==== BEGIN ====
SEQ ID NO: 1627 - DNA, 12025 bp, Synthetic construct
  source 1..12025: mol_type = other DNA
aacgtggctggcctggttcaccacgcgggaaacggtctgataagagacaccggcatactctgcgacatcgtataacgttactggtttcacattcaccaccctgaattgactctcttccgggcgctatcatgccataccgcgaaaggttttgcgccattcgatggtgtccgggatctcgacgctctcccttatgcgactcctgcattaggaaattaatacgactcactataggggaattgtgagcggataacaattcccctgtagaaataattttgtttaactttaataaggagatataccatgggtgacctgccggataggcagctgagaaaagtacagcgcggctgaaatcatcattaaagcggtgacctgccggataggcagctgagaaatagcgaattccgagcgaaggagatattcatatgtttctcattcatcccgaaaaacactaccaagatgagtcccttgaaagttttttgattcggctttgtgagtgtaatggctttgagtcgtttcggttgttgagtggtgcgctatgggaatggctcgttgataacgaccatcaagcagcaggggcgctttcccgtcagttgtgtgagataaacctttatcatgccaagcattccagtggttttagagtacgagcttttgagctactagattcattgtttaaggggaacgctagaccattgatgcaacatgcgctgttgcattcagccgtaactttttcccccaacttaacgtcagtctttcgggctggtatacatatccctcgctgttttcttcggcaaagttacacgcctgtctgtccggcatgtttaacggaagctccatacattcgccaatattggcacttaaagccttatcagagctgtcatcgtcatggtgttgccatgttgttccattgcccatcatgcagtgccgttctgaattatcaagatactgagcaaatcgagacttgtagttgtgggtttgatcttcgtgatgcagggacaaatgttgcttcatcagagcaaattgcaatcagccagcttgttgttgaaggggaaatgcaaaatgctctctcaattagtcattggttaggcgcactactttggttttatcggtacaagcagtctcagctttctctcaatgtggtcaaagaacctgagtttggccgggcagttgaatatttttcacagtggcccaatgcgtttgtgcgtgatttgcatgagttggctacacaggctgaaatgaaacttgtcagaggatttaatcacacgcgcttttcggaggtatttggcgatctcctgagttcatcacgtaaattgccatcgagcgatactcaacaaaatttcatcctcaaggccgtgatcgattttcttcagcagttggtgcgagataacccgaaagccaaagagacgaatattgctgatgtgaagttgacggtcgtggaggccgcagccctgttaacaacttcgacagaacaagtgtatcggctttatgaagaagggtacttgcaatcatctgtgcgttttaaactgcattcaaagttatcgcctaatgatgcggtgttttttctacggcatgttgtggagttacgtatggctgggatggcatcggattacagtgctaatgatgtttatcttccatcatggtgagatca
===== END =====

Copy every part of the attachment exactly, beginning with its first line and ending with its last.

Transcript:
SEQ ID NO: 1627 - DNA, 12025 bp, Synthetic construct
  source 1..12025: mol_type = other DNA
aacgtggctggcctggttcaccacgcgggaaacggtctgataagagacaccggcatactctgcgacatcgtataacgttactggtttcacattcaccaccctgaattgactctcttccgggcgctatcatgccataccgcgaaaggttttgcgccattcgatggtgtccgggatctcgacgctctcccttatgcgactcctgcattaggaaattaatacgactcactataggggaattgtgagcggataacaattcccctgtagaaataattttgtttaactttaataaggagatataccatgggtgacctgccggataggcagctgagaaaagtacagcgcggctgaaatcatcattaaagcggtgacctgccggataggcagctgagaaatagcgaattccgagcgaaggagatattcatatgtttctcattcatcccgaaaaacactaccaagatgagtcccttgaaagttttttgattcggctttgtgagtgtaatggctttgagtcgtttcggttgttgagtggtgcgctatgggaatggctcgttgataacgaccatcaagcagcaggggcgctttcccgtcagttgtgtgagataaacctttatcatgccaagcattccagtggttttagagtacgagcttttgagctactagattcattgtttaaggggaacgctagaccattgatgcaacatgcgctgttgcattcagccgtaactttttcccccaacttaacgtcagtctttcgggctggtatacatatccctcgctgttttcttcggcaaagttacacgcctgtctgtccggcatgtttaacggaagctccatacattcgccaatattggcacttaaagccttatcagagctgtcatcgtcatggtgttgccatgttgttccattgcccatcatgcagtgccgttctgaattatcaagatactgagcaaatcgagacttgtagttgtgggtttgatcttcgtgatgcagggacaaatgttgcttcatcagagcaaattgcaatcagccagcttgttgttgaaggggaaatgcaaaatgctctctcaattagtcattggttaggcgcactactttggttttatcggtacaagcagtctcagctttctctcaatgtggtcaaagaacctgagtttggccgggcagttgaatatttttcacagtggcccaatgcgtttgtgcgtgatttgcatgagttggctacacaggctgaaatgaaacttgtcagaggatttaatcacacgcgcttttcggaggtatttggcgatctcctgagttcatcacgtaaattgccatcgagcgatactcaacaaaatttcatcctcaaggccgtgatcgattttcttcagcagttggtgcgagataacccgaaagccaaagagacgaatattgctgatgtgaagttgacggtcgtggaggccgcagccctgttaacaacttcgacagaacaagtgtatcggctttatgaagaagggtacttgcaatcatctgtgcgttttaaactgcattcaaagttatcgcctaatgatgcggtgttttttctacggcatgttgtggagttacgtatggctgggatggcatcggattacagtgctaatgatgtttatcttccatcatggtgagatca